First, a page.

Making your farm visit a success

Preparing for your farm visit

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Good preparation will help you make the most of your visit and ensure everyone has an enjoyable day that meets all your objectives. These guidelines should help:

Choosing a farm

  • To find farms offering to host school visits use the search box below.
    You can also contact your Farming and Countryside Education (FACE) local coordinator for advice.
  • Visit the farm in advance of taking a school group. Some farms make this a condition of hosting your school, and others may arrange taster sessions for groups of teachers. Ask for an information pack, together with the farmers risk assessments for school visits, and a copy of their public liability insurance certificate.
  • Ask what the farm can provide in the way of activities, including some for wet weather.
  • Check the availability of hygiene facilities, covered areas for teaching, eating and leaving bags, outdoor seating areas.
  • Make sure there is adequate parking, and ideally some facilities for drivers.
  • Find out about any charges, and think about how you will cover your costs, including transport. Free educational trips and resources for schools suggests one approach.

Making plans

  • Set learning goals for the day, and make sure these are clear to everyone involved including the farm, the children and their parents. For ideas on curriculum links see Farm visits and the curriculum, Learning opportunities through food, farming and the countryside, Farm-linked activities for EYFS, KS1, KS2 and SEN, KS3 teaching and learning opportunities, KS4 teaching and learning opportunities.
  • Discuss your plans with your school's Educational Visits Coordinator, and consult relevant guidance such as your school and local authority policies on off-site activities. There is also government guidance on health and safety for schools. For farm-specific issues, look at Farm Safe.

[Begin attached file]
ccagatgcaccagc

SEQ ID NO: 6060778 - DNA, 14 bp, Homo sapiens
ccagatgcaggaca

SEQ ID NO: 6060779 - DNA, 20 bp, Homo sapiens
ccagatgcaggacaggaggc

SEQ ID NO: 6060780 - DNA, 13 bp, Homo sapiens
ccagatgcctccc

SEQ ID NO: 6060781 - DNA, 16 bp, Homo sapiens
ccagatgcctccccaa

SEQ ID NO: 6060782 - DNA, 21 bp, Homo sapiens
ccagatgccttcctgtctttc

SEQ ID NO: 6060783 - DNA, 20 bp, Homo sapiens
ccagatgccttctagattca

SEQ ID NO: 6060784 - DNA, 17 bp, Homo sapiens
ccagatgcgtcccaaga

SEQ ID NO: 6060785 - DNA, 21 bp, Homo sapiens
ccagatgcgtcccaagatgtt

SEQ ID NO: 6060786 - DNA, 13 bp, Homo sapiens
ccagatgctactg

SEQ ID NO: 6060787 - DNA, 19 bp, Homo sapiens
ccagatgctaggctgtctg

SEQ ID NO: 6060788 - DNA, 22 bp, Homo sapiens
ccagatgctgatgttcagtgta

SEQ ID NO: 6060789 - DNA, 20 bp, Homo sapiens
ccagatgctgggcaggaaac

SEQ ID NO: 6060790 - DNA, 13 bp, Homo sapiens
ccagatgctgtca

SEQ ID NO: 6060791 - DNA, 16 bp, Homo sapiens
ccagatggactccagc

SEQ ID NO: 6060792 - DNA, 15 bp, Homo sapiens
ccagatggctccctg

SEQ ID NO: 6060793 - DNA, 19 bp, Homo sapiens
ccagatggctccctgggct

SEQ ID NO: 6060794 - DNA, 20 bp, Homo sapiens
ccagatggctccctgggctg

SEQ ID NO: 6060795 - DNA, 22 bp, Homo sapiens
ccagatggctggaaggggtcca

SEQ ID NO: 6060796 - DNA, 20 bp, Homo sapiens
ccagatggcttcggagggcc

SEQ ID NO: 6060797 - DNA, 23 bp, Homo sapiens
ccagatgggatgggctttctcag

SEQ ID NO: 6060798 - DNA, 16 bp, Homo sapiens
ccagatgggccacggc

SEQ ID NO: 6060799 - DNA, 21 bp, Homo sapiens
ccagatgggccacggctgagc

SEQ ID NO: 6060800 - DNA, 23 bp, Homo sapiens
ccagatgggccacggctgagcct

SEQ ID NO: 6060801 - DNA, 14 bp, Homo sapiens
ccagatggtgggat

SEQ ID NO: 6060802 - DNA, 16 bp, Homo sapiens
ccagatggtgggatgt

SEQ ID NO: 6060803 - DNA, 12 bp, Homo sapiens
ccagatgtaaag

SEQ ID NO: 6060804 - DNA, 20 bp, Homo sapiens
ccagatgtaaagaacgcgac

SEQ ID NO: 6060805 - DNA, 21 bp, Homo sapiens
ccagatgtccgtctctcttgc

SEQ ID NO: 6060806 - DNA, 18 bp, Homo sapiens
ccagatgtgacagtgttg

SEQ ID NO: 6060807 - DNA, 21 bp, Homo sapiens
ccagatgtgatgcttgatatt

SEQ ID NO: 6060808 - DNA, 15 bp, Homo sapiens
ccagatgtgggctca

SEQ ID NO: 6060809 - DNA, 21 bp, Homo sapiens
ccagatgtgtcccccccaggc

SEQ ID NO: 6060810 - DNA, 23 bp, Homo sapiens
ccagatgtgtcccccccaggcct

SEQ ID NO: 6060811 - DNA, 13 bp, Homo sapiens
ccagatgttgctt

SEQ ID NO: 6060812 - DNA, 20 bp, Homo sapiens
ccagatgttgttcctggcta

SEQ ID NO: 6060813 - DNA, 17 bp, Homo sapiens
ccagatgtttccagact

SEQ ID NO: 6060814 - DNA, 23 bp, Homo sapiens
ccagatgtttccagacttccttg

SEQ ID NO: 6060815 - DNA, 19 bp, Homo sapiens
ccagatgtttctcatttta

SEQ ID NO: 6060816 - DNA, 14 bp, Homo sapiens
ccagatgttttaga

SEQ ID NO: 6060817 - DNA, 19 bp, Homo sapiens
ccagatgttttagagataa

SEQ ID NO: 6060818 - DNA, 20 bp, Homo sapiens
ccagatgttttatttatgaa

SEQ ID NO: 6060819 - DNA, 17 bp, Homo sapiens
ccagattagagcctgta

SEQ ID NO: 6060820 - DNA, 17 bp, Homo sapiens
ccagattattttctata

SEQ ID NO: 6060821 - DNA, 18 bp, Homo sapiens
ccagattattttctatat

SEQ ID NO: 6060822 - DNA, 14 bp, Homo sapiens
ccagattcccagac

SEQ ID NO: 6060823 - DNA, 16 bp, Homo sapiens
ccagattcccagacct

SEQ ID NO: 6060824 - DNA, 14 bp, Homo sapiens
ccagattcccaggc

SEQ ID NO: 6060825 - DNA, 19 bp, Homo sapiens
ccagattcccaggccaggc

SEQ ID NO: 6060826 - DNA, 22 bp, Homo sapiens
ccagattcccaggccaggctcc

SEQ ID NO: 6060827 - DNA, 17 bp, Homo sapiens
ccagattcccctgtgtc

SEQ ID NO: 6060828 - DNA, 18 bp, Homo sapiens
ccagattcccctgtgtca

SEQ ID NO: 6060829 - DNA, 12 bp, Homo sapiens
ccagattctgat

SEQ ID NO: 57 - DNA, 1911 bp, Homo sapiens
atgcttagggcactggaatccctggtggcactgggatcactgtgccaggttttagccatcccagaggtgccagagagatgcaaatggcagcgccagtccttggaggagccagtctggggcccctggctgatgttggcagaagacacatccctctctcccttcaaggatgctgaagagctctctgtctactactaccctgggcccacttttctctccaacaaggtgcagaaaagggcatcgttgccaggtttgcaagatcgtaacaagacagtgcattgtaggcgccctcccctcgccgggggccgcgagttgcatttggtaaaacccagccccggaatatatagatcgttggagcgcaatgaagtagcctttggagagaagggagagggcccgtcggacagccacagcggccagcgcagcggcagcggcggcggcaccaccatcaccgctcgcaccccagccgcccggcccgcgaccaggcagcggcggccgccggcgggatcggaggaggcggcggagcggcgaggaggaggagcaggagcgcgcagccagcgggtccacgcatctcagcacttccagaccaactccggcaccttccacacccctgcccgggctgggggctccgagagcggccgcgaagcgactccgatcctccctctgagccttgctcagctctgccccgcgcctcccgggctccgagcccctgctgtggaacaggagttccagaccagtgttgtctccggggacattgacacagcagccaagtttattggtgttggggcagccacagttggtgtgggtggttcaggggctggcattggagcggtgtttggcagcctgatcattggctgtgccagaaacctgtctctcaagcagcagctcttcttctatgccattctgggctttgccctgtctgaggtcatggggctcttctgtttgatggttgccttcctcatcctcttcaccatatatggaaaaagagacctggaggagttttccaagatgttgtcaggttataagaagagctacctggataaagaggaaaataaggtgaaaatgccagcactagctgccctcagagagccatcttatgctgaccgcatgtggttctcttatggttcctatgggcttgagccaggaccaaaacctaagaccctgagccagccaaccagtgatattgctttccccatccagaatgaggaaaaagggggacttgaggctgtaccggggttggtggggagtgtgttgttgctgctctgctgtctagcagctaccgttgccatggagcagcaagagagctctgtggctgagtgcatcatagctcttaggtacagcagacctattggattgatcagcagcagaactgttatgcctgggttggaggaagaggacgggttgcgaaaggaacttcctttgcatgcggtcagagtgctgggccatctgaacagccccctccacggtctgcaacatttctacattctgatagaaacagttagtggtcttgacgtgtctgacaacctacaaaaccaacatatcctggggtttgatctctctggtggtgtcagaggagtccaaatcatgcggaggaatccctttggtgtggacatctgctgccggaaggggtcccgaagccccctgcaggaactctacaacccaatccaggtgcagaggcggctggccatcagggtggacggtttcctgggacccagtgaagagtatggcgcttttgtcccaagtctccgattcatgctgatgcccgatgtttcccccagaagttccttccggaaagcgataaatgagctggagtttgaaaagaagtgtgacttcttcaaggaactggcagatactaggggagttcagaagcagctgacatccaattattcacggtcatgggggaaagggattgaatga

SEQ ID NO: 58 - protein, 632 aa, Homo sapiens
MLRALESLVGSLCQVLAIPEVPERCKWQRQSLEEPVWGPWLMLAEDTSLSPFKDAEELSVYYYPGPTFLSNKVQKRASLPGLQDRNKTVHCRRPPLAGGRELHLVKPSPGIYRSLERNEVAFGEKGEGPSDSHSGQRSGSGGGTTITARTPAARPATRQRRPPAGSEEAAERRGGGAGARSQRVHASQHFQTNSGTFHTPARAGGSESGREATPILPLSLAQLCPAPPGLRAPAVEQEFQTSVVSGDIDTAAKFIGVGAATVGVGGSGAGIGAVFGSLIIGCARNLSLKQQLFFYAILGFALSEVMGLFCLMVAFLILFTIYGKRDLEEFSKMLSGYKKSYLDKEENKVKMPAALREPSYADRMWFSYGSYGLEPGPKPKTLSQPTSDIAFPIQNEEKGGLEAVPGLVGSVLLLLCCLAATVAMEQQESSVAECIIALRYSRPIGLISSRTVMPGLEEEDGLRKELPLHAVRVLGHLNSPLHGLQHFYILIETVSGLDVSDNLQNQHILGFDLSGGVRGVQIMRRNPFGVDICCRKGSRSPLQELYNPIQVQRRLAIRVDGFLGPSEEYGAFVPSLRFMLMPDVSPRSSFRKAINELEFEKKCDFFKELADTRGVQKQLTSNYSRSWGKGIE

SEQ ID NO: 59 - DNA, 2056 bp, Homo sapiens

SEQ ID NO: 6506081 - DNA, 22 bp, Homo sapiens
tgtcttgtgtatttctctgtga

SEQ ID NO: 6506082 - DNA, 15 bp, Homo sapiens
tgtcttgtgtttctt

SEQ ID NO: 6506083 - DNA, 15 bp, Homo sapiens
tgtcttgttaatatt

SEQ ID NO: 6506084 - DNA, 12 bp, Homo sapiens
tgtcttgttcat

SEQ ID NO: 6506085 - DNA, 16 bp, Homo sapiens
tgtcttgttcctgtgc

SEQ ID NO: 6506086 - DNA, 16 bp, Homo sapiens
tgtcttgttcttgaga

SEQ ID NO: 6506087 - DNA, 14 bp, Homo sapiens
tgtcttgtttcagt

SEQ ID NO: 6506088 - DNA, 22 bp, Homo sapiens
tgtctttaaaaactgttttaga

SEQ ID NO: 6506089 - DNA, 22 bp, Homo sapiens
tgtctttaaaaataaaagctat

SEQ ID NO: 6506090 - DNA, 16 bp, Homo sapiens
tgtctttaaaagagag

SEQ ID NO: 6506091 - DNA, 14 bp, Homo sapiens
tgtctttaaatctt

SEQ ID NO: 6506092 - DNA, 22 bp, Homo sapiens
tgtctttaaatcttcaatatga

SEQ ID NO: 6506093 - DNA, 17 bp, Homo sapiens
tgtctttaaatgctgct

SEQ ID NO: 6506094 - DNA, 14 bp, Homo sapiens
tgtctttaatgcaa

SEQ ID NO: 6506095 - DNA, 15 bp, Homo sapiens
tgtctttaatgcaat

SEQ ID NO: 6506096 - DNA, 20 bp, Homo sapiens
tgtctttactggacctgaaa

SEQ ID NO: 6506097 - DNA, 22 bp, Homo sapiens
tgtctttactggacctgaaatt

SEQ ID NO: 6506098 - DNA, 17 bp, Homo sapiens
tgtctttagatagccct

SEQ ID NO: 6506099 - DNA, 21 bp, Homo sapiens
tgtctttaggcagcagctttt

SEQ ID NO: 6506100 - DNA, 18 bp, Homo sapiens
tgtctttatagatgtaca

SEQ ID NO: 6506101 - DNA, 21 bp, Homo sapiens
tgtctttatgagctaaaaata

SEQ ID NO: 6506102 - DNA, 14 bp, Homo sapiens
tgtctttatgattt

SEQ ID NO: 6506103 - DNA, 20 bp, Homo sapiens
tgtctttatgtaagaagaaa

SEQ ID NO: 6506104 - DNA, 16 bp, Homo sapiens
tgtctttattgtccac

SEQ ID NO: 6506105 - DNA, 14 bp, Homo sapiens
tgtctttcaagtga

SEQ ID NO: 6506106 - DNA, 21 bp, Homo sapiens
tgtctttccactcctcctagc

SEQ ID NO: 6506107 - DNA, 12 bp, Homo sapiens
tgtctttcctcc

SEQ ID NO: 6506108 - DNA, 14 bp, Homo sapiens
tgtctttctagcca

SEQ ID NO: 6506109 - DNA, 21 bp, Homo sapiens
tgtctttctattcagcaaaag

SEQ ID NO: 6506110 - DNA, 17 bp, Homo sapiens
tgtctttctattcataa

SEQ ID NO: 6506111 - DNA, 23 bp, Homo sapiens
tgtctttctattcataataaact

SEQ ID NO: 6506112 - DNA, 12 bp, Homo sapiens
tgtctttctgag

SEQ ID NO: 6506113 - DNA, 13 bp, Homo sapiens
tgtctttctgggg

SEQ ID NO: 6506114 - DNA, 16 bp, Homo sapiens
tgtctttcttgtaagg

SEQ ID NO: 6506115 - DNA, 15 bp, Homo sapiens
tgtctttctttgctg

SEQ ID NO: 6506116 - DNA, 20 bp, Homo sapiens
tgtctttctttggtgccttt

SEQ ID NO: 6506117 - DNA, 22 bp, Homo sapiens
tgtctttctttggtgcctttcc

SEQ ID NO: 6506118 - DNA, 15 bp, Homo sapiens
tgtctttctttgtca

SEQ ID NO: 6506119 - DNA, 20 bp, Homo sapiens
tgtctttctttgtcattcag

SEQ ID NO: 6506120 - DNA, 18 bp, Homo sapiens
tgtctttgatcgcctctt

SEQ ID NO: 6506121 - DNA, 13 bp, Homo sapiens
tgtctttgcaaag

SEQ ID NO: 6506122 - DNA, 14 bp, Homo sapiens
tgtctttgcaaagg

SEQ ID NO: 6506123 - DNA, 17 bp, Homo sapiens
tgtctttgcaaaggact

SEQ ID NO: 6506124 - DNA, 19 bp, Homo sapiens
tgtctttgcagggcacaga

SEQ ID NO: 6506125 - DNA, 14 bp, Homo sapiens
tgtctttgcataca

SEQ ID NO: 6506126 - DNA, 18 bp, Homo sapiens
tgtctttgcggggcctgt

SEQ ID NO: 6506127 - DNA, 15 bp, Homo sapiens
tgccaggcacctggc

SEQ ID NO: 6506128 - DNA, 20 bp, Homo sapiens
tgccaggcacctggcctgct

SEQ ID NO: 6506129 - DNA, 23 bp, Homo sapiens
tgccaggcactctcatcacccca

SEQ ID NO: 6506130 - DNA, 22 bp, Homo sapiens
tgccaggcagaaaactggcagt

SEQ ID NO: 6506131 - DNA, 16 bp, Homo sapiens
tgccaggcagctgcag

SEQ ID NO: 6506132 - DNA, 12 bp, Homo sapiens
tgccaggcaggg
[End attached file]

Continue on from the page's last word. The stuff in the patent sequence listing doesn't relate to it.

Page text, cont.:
• Carry out the necessary risk assessments. Your school probably has a template you can use and may have existing assessments for some elements such as coach travel. The farmer's risk assessment should also help.
  • Look at travel arrangements and think about activities to pass the time on the journey, and how to deal with motion sickness.
  • Decide which other adults can help with the visit. If using parents or other volunteers follow your school policy on DBS (formerly CRB) checks. Your Educational Visits Coordinator or Outdoor Education Advisor (www.oeap.info) should be able to advise you on adult/child ratios.
  • Prepare a checklist of everything you will need to do in advance, and what you need to take on the day. You could use Teacher checklist for farm visits as a starting point.

Briefing children and parents

  • Prepare the children for their visit. Talk about where you are going and why, what they will do there and how the visit will link to their classroom learning. There are many ideas in the Resources section such as Dairy farm pre-visit activities.
  • Brief the children on the very different sights, sounds and smells on the farm, and how they should behave, especially around animals and in open spaces. Involving children in risk on farms and Interactive farm visit have ideas for engaging the children in this process.
  • Discuss hygiene with children and helpers, especially after animal contact. Refer to Preventing or controlling ill health from animal contact at visitor attractions. Public Health England also has useful resources on handwashing here. 
  • Send information and consent forms to parents. Explain the educational value of the visit, and specify in particular what the children will need to wear (eg wellies and wet-weather gear or sunhats and sunscreen) and bring with them (eg drinks and lunch)